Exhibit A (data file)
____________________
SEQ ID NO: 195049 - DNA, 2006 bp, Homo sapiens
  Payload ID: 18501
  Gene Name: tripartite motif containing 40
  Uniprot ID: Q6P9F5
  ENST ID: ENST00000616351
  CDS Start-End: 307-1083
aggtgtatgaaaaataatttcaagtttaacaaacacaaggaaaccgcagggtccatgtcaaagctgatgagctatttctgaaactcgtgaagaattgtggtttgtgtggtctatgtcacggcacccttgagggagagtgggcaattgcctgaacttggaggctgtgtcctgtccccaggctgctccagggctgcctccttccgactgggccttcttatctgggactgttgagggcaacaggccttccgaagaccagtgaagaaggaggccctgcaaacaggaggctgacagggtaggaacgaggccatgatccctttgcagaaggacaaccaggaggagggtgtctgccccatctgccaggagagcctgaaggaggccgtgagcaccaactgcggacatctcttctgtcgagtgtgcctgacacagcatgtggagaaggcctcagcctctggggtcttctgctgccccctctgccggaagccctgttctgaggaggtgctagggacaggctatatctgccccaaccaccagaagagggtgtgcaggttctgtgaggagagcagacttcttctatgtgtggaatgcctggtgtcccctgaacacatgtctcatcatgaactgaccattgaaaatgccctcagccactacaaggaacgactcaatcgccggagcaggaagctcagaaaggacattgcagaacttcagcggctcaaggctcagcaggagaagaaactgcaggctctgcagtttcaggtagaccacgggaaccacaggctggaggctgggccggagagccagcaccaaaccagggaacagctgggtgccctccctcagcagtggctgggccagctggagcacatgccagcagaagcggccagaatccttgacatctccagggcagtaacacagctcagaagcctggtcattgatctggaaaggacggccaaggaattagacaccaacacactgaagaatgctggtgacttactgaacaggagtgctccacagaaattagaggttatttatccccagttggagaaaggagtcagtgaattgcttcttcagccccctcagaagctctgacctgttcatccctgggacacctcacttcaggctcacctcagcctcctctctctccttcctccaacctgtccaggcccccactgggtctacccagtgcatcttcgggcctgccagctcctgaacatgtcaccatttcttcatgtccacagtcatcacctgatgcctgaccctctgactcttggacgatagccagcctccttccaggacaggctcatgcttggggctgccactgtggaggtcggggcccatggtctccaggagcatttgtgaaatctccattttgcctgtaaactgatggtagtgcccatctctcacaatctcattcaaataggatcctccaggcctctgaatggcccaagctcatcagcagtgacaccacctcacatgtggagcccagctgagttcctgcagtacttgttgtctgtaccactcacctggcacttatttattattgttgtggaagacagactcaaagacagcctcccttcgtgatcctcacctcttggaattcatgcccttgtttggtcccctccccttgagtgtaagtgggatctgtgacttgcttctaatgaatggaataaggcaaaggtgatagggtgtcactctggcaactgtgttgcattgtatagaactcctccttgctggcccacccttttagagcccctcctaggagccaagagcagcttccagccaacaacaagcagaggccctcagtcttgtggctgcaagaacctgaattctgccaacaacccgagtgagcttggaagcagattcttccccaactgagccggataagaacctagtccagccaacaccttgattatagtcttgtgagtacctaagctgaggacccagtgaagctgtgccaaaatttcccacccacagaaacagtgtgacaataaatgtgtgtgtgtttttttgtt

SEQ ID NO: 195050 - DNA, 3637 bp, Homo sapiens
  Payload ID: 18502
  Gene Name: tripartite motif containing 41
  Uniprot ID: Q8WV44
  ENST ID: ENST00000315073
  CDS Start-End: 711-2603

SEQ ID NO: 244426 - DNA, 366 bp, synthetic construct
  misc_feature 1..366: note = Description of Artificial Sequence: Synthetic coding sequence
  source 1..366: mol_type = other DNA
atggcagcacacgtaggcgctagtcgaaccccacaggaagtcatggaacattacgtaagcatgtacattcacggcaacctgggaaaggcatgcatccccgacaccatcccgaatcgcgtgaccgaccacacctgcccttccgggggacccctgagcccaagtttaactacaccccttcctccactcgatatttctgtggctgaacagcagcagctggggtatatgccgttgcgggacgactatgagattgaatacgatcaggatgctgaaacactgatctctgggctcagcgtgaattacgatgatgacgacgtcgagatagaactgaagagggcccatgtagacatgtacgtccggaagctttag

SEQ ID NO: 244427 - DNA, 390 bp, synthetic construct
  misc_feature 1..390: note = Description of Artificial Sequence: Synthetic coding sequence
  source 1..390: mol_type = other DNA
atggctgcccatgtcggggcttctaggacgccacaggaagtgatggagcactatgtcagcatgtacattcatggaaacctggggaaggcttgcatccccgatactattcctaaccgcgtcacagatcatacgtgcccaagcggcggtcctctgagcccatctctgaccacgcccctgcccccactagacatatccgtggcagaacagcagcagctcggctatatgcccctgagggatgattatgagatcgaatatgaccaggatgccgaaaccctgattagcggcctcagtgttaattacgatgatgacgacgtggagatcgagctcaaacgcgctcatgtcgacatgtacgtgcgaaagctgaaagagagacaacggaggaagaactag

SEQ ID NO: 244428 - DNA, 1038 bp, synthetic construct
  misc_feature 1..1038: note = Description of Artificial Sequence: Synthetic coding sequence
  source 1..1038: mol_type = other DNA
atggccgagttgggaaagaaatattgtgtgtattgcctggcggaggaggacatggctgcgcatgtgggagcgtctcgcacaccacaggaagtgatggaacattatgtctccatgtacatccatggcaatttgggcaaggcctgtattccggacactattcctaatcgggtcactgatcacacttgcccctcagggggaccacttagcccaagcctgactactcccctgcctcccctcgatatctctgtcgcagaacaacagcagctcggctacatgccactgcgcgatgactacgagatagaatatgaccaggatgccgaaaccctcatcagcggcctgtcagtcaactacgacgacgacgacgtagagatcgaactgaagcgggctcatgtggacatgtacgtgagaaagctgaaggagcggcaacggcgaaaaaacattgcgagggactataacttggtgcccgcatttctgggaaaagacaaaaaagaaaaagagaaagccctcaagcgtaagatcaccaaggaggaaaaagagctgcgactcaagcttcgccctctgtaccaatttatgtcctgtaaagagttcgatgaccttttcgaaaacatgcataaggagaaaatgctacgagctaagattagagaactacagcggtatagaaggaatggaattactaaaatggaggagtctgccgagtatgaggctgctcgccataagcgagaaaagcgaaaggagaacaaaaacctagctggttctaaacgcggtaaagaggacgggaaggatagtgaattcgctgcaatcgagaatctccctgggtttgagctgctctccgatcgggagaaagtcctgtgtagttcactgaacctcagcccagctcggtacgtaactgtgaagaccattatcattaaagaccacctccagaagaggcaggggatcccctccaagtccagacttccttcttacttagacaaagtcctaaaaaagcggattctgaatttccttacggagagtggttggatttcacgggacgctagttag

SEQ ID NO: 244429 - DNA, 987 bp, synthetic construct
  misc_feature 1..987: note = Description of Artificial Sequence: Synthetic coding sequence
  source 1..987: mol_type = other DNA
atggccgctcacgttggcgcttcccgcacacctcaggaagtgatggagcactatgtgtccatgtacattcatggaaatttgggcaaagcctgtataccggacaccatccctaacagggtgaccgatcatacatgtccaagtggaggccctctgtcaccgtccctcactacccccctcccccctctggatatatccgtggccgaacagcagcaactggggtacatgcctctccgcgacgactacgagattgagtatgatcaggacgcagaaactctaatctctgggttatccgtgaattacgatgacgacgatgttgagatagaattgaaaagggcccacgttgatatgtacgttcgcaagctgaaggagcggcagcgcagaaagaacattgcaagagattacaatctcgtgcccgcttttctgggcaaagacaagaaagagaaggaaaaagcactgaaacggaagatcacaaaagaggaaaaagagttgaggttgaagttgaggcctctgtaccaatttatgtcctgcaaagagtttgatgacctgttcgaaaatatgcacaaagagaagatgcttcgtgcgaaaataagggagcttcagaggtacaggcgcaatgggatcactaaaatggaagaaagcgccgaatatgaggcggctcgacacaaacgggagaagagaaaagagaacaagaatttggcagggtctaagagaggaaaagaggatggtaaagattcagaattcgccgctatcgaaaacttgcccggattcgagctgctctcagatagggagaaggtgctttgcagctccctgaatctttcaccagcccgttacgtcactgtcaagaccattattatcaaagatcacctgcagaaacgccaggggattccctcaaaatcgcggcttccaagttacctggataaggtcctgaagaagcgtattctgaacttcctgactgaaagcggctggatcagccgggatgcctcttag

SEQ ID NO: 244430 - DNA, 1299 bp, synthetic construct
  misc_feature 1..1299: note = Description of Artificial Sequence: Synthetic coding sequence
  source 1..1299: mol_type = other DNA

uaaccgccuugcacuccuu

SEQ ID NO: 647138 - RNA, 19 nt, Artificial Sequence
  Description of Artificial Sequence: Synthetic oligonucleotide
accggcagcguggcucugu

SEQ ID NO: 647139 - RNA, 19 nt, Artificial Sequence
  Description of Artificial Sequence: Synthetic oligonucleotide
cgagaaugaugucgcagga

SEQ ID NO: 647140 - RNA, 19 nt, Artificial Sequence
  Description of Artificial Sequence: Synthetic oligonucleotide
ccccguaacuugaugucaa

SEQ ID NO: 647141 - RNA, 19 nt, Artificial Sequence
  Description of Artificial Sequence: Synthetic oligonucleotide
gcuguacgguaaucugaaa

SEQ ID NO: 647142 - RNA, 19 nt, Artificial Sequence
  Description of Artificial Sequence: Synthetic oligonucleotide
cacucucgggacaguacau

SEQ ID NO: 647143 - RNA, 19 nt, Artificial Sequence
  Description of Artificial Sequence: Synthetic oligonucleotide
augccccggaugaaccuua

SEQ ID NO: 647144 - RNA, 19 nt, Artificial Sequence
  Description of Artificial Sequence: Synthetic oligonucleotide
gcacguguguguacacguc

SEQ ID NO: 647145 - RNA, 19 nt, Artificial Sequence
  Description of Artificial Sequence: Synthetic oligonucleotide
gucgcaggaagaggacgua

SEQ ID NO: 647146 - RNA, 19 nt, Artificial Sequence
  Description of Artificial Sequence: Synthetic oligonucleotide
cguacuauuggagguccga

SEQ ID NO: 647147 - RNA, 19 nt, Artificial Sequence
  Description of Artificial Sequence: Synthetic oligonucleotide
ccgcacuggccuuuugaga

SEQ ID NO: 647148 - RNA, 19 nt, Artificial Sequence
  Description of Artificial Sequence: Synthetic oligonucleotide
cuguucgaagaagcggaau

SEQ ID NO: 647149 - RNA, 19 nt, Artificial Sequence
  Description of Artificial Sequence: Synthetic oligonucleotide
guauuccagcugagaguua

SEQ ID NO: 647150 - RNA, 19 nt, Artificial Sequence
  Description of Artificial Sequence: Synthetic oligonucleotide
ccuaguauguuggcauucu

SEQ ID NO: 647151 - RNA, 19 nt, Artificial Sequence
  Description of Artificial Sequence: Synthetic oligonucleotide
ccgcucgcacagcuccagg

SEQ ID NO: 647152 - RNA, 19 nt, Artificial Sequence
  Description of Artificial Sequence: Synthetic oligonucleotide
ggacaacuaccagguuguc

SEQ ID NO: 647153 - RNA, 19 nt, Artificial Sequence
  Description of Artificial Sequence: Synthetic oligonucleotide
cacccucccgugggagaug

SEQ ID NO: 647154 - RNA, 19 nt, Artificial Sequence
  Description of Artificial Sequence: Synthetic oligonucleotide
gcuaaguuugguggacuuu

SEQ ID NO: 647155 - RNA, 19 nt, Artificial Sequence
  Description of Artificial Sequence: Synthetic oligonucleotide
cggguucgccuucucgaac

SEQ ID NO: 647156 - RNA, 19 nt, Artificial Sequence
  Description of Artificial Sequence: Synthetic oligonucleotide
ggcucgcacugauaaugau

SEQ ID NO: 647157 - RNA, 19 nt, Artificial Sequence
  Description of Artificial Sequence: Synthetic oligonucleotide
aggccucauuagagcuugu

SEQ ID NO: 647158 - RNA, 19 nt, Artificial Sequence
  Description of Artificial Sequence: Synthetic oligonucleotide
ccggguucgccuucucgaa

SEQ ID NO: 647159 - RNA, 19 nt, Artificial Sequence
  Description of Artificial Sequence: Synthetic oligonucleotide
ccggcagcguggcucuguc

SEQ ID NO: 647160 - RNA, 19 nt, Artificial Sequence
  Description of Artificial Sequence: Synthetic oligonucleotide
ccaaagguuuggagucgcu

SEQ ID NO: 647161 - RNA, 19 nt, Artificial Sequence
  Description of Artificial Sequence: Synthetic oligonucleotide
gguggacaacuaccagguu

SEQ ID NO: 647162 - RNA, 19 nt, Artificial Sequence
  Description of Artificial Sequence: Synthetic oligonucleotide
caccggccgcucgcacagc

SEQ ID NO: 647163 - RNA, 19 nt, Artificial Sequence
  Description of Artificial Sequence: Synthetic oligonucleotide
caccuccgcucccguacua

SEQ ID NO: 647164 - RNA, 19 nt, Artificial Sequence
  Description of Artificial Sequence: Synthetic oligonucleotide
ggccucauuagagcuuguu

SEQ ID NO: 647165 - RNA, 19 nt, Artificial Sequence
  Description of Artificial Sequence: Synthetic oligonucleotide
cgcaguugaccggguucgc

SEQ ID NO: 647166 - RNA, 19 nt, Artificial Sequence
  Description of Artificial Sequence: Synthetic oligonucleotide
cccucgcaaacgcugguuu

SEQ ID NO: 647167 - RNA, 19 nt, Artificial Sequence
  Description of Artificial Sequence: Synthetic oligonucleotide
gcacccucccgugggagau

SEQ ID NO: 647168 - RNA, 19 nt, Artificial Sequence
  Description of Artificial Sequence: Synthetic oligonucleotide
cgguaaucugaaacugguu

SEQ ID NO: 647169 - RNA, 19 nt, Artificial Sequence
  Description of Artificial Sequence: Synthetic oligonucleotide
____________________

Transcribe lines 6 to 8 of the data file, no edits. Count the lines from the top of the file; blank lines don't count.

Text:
  CDS Start-End: 307-1083
aggtgtatgaaaaataatttcaagtttaacaaacacaaggaaaccgcagggtccatgtcaaagctgatgagctatttctgaaactcgtgaagaattgtggtttgtgtggtctatgtcacggcacccttgagggagagtgggcaattgcctgaacttggaggctgtgtcctgtccccaggctgctccagggctgcctccttccgactgggccttcttatctgggactgttgagggcaacaggccttccgaagaccagtgaagaaggaggccctgcaaacaggaggctgacagggtaggaacgaggccatgatccctttgcagaaggacaaccaggaggagggtgtctgccccatctgccaggagagcctgaaggaggccgtgagcaccaactgcggacatctcttctgtcgagtgtgcctgacacagcatgtggagaaggcctcagcctctggggtcttctgctgccccctctgccggaagccctgttctgaggaggtgctagggacaggctatatctgccccaaccaccagaagagggtgtgcaggttctgtgaggagagcagacttcttctatgtgtggaatgcctggtgtcccctgaacacatgtctcatcatgaactgaccattgaaaatgccctcagccactacaaggaacgactcaatcgccggagcaggaagctcagaaaggacattgcagaacttcagcggctcaaggctcagcaggagaagaaactgcaggctctgcagtttcaggtagaccacgggaaccacaggctggaggctgggccggagagccagcaccaaaccagggaacagctgggtgccctccctcagcagtggctgggccagctggagcacatgccagcagaagcggccagaatccttgacatctccagggcagtaacacagctcagaagcctggtcattgatctggaaaggacggccaaggaattagacaccaacacactgaagaatgctggtgacttactgaacaggagtgctccacagaaattagaggttatttatccccagttggagaaaggagtcagtgaattgcttcttcagccccctcagaagctctgacctgttcatccctgggacacctcacttcaggctcacctcagcctcctctctctccttcctccaacctgtccaggcccccactgggtctacccagtgcatcttcgggcctgccagctcctgaacatgtcaccatttcttcatgtccacagtcatcacctgatgcctgaccctctgactcttggacgatagccagcctccttccaggacaggctcatgcttggggctgccactgtggaggtcggggcccatggtctccaggagcatttgtgaaatctccattttgcctgtaaactgatggtagtgcccatctctcacaatctcattcaaataggatcctccaggcctctgaatggcccaagctcatcagcagtgacaccacctcacatgtggagcccagctgagttcctgcagtacttgttgtctgtaccactcacctggcacttatttattattgttgtggaagacagactcaaagacagcctcccttcgtgatcctcacctcttggaattcatgcccttgtttggtcccctccccttgagtgtaagtgggatctgtgacttgcttctaatgaatggaataaggcaaaggtgatagggtgtcactctggcaactgtgttgcattgtatagaactcctccttgctggcccacccttttagagcccctcctaggagccaagagcagcttccagccaacaacaagcagaggccctcagtcttgtggctgcaagaacctgaattctgccaacaacccgagtgagcttggaagcagattcttccccaactgagccggataagaacctagtccagccaacaccttgattatagtcttgtgagtacctaagctgaggacccagtgaagctgtgccaaaatttcccacccacagaaacagtgtgacaataaatgtgtgtgtgtttttttgtt

SEQ ID NO: 195050 - DNA, 3637 bp, Homo sapiens